- The Collège de France is holding a two-day international colloquium, Philosopher au XIIe siècle, at the end of May (Paris, May 29-30, 2017).
- There’s a conference on Knowledge as Assimilation, ranging over ancient and medieval material, co-sponsored by the Rationality in Perception group in Helsinki and the Representation and Reality group in Gothenberg (Helsinki, June 9-11, 2017).
- The University of Bonn is holding a conference this summer, on “Time and Modality. Medieval and Contemporary Perspectives” (July 20-22, 2017). Immediately before the conference (July 17-19), they’re running a summer school in conjunction with themes from the conference. The application deadline for the summer school is May 31. Details on the summer school here.
- The Thomas-Institut has sent out its call for papers for the 2018 Cologne Mediaevistentagung. The topic is The Library: Spaces of Thought and Knowledge Systems. The submission deadline is August 15, 2017. See details here.
Next, some information about people:
- Nate Bulthius, a recent Cornell PhD, is interviewed at the APA blog, where he discusses in some detail his perspective on studying medieval philosophy.
- Thomas Ward, currently at Loyola Marymount, is moving to Baylor University, starting this coming fall. With John Haldane already there, as well as Francis Beckwith, and with Tim O’Connor joining the department as well, this makes Baylor quite a prominent option for graduate study in medieval philosophy.
And then some links, both, as it happens, pertaining to Scotus:
- Tobias Hoffmann’s very useful Scotus bibliography is now available here, where it continues to be updated.
- Thomas Williams has just come out with an extensive collection of English translations of Scotus’s ethical work (OUP 2017). In addition to the book, there is a website, here. On the website, there are additional translations, links to some of Thomas’s papers, and a remarkable unpublished essay that makes the case for why the Vatican edition of Ordinatio III.26-40 is “so frequently bad that no responsible scholar can rely on it.”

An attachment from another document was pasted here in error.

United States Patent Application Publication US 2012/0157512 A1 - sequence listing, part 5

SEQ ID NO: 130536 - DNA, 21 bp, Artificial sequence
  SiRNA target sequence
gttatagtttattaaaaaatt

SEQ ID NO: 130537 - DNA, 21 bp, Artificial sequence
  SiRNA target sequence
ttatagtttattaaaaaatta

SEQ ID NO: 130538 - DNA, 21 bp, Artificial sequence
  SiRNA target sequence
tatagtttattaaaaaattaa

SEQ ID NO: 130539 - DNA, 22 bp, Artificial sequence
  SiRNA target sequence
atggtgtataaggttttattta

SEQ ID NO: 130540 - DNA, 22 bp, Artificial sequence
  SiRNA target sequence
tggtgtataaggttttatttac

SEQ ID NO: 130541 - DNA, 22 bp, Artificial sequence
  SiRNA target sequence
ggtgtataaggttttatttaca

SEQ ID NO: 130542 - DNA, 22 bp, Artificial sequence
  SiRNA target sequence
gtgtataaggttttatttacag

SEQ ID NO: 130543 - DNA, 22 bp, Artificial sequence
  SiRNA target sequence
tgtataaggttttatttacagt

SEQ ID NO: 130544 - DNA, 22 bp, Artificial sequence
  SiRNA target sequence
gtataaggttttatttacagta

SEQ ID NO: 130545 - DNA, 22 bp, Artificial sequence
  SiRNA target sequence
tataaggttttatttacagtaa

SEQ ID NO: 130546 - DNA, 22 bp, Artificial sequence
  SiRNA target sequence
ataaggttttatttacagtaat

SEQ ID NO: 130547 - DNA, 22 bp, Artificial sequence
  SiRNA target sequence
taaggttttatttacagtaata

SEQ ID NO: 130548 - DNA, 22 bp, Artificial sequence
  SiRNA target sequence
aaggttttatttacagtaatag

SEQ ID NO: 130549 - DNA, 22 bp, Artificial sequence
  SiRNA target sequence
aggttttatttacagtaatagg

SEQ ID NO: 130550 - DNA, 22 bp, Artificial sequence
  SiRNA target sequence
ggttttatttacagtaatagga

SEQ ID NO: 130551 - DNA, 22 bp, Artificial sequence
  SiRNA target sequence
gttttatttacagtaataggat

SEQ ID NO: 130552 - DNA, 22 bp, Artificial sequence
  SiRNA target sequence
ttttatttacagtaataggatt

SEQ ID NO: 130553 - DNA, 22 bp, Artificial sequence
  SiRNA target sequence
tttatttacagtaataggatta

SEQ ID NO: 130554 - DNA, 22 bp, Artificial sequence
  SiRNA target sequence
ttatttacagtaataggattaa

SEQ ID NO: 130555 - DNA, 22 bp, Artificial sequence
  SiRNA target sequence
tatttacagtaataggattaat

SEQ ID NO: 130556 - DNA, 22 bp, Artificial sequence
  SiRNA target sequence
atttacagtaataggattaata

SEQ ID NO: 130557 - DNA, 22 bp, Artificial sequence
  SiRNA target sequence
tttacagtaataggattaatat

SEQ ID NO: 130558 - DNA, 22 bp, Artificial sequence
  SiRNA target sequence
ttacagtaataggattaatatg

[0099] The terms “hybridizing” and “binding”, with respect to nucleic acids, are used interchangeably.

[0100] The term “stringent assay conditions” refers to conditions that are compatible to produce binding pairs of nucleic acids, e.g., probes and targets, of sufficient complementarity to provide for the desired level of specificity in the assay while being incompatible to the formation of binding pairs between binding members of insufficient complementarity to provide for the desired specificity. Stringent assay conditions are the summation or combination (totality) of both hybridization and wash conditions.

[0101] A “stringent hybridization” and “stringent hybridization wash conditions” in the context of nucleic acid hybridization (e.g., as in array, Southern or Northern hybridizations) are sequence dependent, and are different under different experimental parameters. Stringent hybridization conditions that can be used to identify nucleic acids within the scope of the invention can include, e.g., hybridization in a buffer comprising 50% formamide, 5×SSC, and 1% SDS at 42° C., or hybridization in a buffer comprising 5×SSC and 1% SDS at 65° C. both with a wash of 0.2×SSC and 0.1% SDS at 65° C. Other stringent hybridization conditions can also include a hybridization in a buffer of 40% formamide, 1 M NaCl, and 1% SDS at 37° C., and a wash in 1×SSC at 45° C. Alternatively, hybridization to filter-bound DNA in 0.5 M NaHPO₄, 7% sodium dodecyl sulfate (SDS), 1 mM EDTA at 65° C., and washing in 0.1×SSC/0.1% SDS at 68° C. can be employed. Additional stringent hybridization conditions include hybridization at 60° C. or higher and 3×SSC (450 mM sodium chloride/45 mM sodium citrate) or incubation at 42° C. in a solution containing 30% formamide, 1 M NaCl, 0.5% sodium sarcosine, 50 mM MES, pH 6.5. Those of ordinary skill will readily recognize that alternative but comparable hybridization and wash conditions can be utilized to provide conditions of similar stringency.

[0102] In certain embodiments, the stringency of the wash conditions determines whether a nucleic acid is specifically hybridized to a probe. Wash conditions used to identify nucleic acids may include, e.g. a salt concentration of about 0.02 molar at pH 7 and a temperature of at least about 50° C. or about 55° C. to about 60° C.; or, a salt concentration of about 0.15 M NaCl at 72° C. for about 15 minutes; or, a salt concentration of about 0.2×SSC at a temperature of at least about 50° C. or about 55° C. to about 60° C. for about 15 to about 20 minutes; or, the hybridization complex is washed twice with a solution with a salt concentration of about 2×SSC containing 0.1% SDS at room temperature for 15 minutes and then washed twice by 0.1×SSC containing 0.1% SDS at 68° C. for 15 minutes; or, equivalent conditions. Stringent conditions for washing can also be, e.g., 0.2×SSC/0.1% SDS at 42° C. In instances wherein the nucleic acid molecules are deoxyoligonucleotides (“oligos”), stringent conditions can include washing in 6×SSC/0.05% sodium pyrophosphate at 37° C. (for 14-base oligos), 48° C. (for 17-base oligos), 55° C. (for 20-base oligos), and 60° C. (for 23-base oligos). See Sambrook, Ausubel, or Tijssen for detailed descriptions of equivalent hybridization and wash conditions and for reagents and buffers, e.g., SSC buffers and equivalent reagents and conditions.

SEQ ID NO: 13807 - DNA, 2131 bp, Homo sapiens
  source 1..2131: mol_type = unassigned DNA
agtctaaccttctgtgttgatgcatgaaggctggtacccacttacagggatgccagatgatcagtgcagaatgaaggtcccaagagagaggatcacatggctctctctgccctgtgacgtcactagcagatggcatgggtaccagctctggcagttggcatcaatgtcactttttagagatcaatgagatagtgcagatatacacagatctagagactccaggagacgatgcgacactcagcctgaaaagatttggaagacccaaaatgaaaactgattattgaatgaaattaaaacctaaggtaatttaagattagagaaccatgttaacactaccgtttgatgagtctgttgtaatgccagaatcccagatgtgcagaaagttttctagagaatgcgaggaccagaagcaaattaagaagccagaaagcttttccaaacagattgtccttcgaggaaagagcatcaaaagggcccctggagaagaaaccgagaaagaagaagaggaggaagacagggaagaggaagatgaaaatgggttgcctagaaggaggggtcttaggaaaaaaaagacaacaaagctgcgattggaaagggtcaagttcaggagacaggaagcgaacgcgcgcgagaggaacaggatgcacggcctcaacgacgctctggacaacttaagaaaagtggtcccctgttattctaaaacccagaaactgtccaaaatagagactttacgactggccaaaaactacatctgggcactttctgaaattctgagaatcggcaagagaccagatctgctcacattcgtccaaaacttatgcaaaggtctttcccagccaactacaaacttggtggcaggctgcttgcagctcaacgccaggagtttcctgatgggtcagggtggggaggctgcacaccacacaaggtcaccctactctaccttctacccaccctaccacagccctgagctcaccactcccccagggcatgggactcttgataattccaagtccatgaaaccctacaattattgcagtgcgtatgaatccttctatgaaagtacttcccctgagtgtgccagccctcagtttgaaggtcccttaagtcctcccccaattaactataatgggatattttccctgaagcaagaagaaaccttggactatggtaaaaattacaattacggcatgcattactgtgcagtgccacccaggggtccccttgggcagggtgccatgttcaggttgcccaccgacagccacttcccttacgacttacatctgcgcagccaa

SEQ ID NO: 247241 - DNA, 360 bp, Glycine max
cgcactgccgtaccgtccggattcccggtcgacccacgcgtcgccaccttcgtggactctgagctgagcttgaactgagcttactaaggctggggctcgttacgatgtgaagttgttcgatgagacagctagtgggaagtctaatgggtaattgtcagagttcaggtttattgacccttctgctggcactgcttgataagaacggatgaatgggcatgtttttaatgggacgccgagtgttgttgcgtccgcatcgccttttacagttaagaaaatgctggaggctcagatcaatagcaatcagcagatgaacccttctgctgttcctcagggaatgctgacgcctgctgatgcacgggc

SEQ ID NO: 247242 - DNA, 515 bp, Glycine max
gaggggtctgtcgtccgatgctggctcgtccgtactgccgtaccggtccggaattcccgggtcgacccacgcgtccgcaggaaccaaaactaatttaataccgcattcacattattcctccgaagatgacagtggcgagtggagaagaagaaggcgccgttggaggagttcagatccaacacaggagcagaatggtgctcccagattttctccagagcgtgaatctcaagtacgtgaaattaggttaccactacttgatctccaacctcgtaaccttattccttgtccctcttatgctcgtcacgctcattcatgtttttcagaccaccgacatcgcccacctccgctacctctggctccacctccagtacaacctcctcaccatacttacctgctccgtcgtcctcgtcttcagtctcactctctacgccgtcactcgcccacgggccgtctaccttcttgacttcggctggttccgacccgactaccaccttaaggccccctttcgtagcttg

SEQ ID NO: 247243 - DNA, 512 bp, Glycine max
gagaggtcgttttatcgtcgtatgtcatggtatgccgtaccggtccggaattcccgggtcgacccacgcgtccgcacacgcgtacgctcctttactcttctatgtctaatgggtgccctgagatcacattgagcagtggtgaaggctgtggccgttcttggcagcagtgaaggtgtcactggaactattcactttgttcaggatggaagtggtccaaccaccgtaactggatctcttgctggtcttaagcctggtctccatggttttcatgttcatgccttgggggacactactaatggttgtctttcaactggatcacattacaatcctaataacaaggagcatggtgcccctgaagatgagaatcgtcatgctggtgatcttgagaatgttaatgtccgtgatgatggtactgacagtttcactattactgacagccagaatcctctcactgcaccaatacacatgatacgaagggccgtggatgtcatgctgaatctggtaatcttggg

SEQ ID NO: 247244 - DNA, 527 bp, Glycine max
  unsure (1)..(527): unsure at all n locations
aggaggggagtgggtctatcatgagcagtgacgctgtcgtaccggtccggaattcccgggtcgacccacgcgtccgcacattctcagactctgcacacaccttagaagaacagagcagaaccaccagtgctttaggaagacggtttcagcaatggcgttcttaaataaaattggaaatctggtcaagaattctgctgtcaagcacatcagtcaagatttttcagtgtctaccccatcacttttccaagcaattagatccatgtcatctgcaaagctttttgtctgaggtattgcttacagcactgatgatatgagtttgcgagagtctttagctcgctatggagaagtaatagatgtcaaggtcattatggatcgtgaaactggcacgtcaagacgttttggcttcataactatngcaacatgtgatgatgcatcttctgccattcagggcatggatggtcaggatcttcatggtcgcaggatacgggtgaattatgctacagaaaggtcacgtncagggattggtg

- There’s a three-year postdoc position at the above-mentioned Helsinki project, Rationality in Perception: Transformations of Mind and Cognition 1250-1550. The application deadline is May 29, 2017. Details here.
- There’s a two-year postdoc advertised in Munich, connected to the project Natur in politischen Ordnungsentwürfen: Antike, Mittelalter, Neuzeit. Quoting from the ad, “The central concern of the project is the medieval reaction to the ancient idea that God’s rulership to the universe is comparable to that between a political ruler and the state that s/he governs.” The application deadline is June 1, 2017. Details here.
Here’s what’s coming this summer from projects affiliated with Richard Taylor at Marquette:
And here are a few other things you might like to know about:
Anyone looking for a job in medieval philosophy will know to check philjobs.org, and so I generally don’t bother to report on those (so far few) announcements here. But here are some things worth noting: